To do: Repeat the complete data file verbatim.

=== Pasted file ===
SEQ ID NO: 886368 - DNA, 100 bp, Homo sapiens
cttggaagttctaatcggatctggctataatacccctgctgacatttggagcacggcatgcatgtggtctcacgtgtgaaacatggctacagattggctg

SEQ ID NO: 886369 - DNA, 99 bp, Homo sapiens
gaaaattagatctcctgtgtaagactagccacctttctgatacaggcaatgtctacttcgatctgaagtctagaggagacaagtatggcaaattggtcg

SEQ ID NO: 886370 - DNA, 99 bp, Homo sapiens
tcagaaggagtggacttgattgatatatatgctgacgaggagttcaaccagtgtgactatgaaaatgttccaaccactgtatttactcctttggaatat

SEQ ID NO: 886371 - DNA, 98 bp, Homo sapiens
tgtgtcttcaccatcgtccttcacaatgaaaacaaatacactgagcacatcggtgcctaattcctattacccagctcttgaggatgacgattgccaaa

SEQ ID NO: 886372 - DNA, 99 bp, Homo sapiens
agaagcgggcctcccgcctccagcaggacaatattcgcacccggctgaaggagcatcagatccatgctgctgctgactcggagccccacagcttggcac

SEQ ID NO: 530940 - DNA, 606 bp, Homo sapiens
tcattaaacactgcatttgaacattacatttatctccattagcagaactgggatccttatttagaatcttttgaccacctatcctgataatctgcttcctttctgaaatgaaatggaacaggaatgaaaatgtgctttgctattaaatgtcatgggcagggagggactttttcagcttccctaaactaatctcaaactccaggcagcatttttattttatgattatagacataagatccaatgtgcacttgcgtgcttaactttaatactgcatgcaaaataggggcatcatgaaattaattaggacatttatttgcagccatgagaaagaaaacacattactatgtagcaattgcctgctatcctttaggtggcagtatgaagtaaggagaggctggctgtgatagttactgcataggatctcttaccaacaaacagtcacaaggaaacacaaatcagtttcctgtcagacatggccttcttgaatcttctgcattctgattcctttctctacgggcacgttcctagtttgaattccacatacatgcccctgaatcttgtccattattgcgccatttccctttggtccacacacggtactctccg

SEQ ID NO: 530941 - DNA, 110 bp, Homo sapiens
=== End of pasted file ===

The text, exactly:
SEQ ID NO: 886368 - DNA, 100 bp, Homo sapiens
cttggaagttctaatcggatctggctataatacccctgctgacatttggagcacggcatgcatgtggtctcacgtgtgaaacatggctacagattggctg

SEQ ID NO: 886369 - DNA, 99 bp, Homo sapiens
gaaaattagatctcctgtgtaagactagccacctttctgatacaggcaatgtctacttcgatctgaagtctagaggagacaagtatggcaaattggtcg

SEQ ID NO: 886370 - DNA, 99 bp, Homo sapiens
tcagaaggagtggacttgattgatatatatgctgacgaggagttcaaccagtgtgactatgaaaatgttccaaccactgtatttactcctttggaatat

SEQ ID NO: 886371 - DNA, 98 bp, Homo sapiens
tgtgtcttcaccatcgtccttcacaatgaaaacaaatacactgagcacatcggtgcctaattcctattacccagctcttgaggatgacgattgccaaa

SEQ ID NO: 886372 - DNA, 99 bp, Homo sapiens
agaagcgggcctcccgcctccagcaggacaatattcgcacccggctgaaggagcatcagatccatgctgctgctgactcggagccccacagcttggcac

SEQ ID NO: 530940 - DNA, 606 bp, Homo sapiens
tcattaaacactgcatttgaacattacatttatctccattagcagaactgggatccttatttagaatcttttgaccacctatcctgataatctgcttcctttctgaaatgaaatggaacaggaatgaaaatgtgctttgctattaaatgtcatgggcagggagggactttttcagcttccctaaactaatctcaaactccaggcagcatttttattttatgattatagacataagatccaatgtgcacttgcgtgcttaactttaatactgcatgcaaaataggggcatcatgaaattaattaggacatttatttgcagccatgagaaagaaaacacattactatgtagcaattgcctgctatcctttaggtggcagtatgaagtaaggagaggctggctgtgatagttactgcataggatctcttaccaacaaacagtcacaaggaaacacaaatcagtttcctgtcagacatggccttcttgaatcttctgcattctgattcctttctctacgggcacgttcctagtttgaattccacatacatgcccctgaatcttgtccattattgcgccatttccctttggtccacacacggtactctccg

SEQ ID NO: 530941 - DNA, 110 bp, Homo sapiens